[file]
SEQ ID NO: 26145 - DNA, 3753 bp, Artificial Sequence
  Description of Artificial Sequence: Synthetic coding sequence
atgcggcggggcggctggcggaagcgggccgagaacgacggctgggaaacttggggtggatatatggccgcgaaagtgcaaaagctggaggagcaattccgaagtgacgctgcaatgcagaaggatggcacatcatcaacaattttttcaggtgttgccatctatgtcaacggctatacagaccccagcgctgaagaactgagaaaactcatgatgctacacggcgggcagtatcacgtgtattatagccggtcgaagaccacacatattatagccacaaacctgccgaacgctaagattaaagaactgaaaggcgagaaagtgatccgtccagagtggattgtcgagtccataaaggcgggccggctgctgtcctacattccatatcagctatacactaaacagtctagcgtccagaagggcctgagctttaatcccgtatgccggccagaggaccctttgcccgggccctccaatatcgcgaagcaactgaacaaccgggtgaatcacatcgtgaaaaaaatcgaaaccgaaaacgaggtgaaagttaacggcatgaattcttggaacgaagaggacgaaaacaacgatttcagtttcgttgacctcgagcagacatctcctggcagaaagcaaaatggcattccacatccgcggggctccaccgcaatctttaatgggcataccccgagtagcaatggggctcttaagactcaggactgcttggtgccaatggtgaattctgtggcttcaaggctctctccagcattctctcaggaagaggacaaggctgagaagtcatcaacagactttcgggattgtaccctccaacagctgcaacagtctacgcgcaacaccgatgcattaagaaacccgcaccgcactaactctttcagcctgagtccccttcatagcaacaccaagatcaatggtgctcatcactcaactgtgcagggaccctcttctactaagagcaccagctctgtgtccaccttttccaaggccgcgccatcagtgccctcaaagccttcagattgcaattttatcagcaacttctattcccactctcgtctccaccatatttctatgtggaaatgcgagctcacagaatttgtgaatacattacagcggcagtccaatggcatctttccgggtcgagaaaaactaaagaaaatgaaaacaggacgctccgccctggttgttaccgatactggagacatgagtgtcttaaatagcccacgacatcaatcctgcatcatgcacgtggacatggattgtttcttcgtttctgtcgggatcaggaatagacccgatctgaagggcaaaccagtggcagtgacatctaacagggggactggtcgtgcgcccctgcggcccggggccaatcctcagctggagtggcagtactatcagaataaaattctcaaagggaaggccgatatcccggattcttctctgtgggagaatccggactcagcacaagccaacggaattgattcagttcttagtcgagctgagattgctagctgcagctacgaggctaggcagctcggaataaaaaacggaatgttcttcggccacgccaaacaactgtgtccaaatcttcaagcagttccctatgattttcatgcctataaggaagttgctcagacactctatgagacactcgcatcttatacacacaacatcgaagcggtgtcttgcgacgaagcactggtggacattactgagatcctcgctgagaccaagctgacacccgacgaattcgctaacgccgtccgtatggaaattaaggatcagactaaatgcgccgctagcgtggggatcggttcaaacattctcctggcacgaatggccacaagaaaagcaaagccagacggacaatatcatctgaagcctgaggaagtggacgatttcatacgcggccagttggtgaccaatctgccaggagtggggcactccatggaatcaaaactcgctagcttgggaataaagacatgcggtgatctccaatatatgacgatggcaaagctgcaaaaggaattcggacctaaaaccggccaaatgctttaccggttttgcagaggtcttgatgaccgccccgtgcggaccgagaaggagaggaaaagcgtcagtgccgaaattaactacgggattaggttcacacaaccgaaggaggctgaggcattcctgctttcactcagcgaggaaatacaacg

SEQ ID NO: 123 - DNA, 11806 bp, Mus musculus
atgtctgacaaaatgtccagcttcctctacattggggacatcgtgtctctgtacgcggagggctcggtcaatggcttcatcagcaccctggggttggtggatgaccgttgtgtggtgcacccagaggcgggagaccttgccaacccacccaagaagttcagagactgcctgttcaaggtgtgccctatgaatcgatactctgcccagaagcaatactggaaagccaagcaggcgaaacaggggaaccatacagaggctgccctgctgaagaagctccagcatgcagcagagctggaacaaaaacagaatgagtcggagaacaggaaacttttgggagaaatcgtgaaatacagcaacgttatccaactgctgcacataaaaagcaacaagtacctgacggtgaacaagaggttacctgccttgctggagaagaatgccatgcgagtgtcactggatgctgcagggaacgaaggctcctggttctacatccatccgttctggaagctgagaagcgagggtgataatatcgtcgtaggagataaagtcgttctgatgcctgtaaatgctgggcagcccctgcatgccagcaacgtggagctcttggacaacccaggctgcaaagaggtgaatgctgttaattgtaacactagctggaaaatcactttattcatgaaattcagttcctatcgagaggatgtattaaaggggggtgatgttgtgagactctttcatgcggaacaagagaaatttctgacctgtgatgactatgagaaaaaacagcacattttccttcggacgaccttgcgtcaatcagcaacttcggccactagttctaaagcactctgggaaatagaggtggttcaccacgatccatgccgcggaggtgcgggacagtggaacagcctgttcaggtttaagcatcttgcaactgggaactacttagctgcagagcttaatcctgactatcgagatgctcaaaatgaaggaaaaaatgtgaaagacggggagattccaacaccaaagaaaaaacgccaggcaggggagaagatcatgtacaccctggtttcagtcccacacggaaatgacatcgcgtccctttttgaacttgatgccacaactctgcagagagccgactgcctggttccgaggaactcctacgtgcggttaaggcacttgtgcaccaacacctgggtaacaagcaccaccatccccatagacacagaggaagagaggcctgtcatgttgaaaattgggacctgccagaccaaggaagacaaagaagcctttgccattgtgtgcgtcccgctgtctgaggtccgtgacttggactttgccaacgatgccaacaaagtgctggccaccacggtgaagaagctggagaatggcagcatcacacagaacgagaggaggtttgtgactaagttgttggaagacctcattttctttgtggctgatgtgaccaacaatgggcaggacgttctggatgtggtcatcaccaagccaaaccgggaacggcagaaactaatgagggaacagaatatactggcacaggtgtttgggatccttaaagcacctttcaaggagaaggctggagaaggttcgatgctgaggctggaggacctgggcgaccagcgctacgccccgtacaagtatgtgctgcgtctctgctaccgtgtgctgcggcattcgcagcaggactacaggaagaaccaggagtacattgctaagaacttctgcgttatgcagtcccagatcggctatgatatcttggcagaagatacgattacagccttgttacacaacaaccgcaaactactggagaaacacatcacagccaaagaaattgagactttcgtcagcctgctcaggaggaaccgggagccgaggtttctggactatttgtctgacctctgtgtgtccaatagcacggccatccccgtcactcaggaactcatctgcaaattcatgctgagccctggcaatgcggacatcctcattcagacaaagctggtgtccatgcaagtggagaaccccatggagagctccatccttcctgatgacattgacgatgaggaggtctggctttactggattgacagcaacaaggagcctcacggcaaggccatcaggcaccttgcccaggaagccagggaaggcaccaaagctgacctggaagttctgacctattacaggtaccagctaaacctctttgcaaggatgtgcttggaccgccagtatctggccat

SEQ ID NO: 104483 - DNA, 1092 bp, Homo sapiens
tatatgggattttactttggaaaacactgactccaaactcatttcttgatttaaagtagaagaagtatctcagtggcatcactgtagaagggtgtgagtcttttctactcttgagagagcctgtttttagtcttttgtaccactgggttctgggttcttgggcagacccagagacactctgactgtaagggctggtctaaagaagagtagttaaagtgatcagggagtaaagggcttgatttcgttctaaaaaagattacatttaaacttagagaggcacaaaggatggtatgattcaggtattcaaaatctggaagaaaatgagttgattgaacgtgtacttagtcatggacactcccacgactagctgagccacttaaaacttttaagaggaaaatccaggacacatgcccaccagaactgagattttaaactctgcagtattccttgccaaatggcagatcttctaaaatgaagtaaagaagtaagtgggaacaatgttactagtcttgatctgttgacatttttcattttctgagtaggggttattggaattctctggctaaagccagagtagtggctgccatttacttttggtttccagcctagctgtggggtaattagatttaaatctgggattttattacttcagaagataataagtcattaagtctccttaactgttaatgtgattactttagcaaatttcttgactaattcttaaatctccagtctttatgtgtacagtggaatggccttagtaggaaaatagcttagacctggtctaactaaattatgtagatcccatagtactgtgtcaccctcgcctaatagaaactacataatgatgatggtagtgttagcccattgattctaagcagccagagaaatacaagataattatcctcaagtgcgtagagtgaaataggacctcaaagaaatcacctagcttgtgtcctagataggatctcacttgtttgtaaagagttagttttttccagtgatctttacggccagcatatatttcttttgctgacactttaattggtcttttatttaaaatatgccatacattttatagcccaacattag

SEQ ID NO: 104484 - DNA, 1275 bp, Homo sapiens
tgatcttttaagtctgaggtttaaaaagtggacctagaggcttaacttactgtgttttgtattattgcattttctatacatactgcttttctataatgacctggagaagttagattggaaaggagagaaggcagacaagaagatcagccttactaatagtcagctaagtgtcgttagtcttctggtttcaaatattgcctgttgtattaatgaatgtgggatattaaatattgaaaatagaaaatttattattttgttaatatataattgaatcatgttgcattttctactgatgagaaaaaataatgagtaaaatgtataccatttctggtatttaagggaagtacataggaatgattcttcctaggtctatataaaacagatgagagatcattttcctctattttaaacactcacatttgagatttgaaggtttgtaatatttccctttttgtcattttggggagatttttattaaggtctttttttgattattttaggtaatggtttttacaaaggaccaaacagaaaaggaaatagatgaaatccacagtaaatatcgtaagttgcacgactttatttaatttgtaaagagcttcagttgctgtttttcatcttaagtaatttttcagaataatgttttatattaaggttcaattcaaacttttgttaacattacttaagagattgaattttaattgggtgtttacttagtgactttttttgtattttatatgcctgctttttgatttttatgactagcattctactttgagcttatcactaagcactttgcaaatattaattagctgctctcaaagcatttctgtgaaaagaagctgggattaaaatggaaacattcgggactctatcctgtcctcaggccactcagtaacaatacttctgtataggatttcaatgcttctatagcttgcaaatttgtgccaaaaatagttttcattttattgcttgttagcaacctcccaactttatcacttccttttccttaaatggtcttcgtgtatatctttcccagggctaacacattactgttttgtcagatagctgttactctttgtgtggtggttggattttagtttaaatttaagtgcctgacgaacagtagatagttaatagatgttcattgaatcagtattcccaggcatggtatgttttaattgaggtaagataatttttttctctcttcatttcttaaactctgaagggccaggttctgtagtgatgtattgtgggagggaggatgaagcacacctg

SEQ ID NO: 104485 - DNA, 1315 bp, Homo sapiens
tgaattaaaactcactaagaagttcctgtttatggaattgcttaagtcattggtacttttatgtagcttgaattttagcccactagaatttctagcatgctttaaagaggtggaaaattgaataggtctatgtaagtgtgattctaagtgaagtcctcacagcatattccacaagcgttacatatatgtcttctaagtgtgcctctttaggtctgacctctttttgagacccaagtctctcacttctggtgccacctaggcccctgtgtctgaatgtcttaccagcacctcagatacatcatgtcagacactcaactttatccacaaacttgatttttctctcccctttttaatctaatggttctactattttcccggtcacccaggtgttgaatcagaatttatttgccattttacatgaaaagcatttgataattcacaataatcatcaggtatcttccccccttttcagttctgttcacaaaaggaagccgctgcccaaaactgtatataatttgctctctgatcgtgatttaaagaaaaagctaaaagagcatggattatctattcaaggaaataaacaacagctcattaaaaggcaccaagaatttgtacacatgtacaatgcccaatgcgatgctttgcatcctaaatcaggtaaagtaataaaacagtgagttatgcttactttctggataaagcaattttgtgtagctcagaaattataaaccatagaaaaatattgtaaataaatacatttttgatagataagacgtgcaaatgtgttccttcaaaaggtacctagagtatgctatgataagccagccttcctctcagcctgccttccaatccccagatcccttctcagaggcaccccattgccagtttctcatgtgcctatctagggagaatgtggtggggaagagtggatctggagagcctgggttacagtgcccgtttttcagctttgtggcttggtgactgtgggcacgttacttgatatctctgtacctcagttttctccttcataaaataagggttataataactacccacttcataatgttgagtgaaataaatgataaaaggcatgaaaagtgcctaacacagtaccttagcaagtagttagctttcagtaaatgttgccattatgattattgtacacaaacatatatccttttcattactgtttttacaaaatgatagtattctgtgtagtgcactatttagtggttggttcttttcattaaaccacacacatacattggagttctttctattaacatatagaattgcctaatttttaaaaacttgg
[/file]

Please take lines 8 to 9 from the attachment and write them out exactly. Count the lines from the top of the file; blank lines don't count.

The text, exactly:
SEQ ID NO: 104484 - DNA, 1275 bp, Homo sapiens
tgatcttttaagtctgaggtttaaaaagtggacctagaggcttaacttactgtgttttgtattattgcattttctatacatactgcttttctataatgacctggagaagttagattggaaaggagagaaggcagacaagaagatcagccttactaatagtcagctaagtgtcgttagtcttctggtttcaaatattgcctgttgtattaatgaatgtgggatattaaatattgaaaatagaaaatttattattttgttaatatataattgaatcatgttgcattttctactgatgagaaaaaataatgagtaaaatgtataccatttctggtatttaagggaagtacataggaatgattcttcctaggtctatataaaacagatgagagatcattttcctctattttaaacactcacatttgagatttgaaggtttgtaatatttccctttttgtcattttggggagatttttattaaggtctttttttgattattttaggtaatggtttttacaaaggaccaaacagaaaaggaaatagatgaaatccacagtaaatatcgtaagttgcacgactttatttaatttgtaaagagcttcagttgctgtttttcatcttaagtaatttttcagaataatgttttatattaaggttcaattcaaacttttgttaacattacttaagagattgaattttaattgggtgtttacttagtgactttttttgtattttatatgcctgctttttgatttttatgactagcattctactttgagcttatcactaagcactttgcaaatattaattagctgctctcaaagcatttctgtgaaaagaagctgggattaaaatggaaacattcgggactctatcctgtcctcaggccactcagtaacaatacttctgtataggatttcaatgcttctatagcttgcaaatttgtgccaaaaatagttttcattttattgcttgttagcaacctcccaactttatcacttccttttccttaaatggtcttcgtgtatatctttcccagggctaacacattactgttttgtcagatagctgttactctttgtgtggtggttggattttagtttaaatttaagtgcctgacgaacagtagatagttaatagatgttcattgaatcagtattcccaggcatggtatgttttaattgaggtaagataatttttttctctcttcatttcttaaactctgaagggccaggttctgtagtgatgtattgtgggagggaggatgaagcacacctg